היום ארבעה ושלשים יום שהם ארבעה שבועות וששה ימים בעמר
Today is the thirty-fourth day, making four weeks and six days of the omer
A day of foundation in a week of humility
I spent the summer of 1971 in Israel with group of teens on USY Pilgrimage to Israel. Along with our American group leaders, we had counselors from Holland and Argentina. It was then that I learned that when a person counts, it will almost always be in his/her native tongue. Everywhere we went, when it came time for a head count we would hear the numbers in English, Dutch, and Spanish. It's one of those things that happens automatically--there's no thinking involved--probably why you revert back to your native language.
I thought about that today during my yoga class. We're trying to gain fluency with the numbers in my Hebrew class and my teacher suggested that we use Hebrew numbers as much as possible. I've been doing things like reading license plate numbers and prices in Hebrew. So when Susannah told us to hold each pose for eight breaths, I started to count them in Hebrew. It was not a good idea :)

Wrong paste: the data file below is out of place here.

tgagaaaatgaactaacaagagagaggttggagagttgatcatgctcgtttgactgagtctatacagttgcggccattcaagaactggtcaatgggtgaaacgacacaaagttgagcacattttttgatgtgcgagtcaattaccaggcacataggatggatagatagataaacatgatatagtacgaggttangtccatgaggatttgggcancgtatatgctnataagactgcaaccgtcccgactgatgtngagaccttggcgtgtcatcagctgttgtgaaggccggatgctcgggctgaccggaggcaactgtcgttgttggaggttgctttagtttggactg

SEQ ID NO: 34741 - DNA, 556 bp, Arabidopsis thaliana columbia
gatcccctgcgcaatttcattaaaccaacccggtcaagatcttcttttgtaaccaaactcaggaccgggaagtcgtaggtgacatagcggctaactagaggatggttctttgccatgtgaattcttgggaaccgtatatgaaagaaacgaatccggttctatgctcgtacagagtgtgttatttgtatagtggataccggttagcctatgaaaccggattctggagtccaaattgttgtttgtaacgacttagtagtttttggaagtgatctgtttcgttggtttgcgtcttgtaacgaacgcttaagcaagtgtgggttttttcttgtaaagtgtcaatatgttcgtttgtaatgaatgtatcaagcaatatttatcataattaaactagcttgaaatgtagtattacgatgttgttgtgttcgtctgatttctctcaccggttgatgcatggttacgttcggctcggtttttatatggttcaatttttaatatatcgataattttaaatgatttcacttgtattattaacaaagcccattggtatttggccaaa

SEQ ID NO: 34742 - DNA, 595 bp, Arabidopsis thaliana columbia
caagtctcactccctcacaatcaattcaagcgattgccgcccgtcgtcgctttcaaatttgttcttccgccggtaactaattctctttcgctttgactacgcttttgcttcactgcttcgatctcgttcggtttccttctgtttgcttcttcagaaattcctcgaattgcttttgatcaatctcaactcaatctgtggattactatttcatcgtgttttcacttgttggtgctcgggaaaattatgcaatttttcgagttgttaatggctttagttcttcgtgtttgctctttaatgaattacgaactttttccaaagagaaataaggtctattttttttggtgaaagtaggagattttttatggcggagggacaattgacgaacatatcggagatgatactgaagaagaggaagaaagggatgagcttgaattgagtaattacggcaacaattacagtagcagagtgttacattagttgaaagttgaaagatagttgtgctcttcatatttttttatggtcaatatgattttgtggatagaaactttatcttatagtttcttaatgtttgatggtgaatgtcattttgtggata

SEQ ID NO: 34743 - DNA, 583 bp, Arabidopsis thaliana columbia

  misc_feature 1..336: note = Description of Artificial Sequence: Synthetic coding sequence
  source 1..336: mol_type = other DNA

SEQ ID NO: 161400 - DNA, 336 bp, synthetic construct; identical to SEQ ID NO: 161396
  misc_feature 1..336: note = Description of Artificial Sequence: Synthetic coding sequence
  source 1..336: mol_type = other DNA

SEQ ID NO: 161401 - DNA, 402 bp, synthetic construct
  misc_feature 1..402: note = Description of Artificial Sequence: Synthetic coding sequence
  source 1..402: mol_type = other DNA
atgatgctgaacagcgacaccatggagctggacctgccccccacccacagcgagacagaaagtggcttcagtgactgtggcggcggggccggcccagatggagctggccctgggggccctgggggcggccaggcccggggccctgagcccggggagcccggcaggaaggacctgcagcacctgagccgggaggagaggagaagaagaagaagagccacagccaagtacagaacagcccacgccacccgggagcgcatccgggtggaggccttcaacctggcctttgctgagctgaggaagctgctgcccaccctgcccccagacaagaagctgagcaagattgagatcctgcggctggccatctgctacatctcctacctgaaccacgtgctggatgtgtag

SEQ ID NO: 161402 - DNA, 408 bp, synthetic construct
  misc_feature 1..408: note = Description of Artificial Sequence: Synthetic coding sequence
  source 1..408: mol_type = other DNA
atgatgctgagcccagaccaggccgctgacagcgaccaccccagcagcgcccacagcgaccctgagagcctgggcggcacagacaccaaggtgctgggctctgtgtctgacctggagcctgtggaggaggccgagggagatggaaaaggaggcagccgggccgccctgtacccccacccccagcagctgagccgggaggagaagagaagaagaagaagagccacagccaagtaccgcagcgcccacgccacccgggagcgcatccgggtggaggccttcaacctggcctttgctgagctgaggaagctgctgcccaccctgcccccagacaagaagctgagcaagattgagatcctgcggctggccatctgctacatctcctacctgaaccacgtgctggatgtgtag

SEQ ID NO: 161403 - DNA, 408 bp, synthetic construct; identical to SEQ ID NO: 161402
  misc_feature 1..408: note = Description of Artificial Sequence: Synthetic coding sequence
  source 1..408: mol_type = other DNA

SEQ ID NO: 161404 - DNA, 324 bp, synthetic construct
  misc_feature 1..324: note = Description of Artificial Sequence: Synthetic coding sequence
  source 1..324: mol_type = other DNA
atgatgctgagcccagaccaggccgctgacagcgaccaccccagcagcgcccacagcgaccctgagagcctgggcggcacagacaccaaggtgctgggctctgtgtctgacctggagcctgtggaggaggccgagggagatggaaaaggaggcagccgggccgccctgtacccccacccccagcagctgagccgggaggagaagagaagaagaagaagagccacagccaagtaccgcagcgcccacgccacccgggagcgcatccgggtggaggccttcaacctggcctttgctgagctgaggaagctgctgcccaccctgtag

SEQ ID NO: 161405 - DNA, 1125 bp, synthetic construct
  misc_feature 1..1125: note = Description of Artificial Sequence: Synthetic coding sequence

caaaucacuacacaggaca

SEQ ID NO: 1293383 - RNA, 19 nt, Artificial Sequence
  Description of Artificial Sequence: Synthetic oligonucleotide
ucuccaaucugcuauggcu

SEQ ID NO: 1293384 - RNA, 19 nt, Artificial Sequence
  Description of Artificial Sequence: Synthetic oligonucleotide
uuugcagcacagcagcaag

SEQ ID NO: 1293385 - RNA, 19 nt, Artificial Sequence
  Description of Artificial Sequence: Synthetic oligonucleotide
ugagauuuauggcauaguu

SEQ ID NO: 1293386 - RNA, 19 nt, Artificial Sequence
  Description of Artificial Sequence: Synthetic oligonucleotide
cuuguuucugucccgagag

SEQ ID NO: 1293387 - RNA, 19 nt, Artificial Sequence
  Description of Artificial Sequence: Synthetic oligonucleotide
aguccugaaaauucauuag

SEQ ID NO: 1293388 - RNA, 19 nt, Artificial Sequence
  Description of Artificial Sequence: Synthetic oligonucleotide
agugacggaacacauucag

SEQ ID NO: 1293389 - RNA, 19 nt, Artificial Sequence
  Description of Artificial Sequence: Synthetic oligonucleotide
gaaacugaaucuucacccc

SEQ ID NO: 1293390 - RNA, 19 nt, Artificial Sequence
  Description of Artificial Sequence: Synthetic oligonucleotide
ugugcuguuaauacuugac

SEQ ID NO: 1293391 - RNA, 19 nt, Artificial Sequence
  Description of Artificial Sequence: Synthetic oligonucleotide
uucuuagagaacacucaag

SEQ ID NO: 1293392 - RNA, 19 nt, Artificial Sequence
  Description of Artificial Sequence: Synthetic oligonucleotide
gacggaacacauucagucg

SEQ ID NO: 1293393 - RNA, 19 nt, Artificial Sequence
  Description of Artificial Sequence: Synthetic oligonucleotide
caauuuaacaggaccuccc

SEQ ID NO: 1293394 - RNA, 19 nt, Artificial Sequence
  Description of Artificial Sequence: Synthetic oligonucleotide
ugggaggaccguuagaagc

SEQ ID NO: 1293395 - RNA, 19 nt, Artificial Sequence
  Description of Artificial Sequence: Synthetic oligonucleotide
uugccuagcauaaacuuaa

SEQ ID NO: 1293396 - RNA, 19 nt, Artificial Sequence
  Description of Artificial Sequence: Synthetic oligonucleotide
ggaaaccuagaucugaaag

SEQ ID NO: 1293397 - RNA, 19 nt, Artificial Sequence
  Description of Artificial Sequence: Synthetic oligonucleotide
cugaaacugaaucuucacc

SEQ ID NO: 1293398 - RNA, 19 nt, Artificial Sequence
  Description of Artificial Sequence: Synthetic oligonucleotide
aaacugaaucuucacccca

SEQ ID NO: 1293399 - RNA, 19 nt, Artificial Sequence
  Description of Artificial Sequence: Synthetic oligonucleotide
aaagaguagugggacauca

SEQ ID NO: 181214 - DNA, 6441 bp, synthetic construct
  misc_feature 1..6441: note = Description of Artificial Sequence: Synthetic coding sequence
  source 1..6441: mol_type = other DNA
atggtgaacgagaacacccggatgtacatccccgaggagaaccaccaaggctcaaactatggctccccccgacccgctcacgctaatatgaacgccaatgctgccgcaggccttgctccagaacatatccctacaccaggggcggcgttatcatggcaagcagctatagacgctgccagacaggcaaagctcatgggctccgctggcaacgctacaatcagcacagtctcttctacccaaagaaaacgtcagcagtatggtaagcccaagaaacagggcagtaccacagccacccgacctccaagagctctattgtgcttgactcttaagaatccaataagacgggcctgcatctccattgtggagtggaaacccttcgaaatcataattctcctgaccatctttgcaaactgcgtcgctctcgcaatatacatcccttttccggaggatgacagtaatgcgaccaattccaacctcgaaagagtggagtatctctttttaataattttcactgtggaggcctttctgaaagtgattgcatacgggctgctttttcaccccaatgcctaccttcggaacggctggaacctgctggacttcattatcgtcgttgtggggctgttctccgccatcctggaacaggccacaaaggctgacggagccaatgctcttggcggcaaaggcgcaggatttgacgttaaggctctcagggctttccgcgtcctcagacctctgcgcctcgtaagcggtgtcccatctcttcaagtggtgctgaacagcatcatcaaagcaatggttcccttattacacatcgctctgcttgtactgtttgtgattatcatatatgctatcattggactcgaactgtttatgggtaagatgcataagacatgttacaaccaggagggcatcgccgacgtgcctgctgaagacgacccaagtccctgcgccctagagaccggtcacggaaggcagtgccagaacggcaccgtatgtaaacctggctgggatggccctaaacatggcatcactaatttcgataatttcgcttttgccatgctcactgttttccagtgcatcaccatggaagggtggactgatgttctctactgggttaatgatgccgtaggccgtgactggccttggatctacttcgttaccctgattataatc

I lost my focus on the pose, which meant I lost my focus on the present--an important element in yoga practice. I had to think too much--which number, which tense. It just took me out of the flow of the class. Luckily I realized early in the session that this wasn't going to work, was able to smile about it and let it go. It's hard enough sometimes to push the yoga frustration away--I didn't need to add another layer.
So I need to remember that I may never be able to count my breath in Hebrew--and maybe I am not meant to be able to do that. Then again, as when in yoga, a seemingly unreachable pose sometimes inexplicitly becomes one I do with ease--one day I might just find myself breathing the Hebrew numbers in my breath without another thought.
You never know.........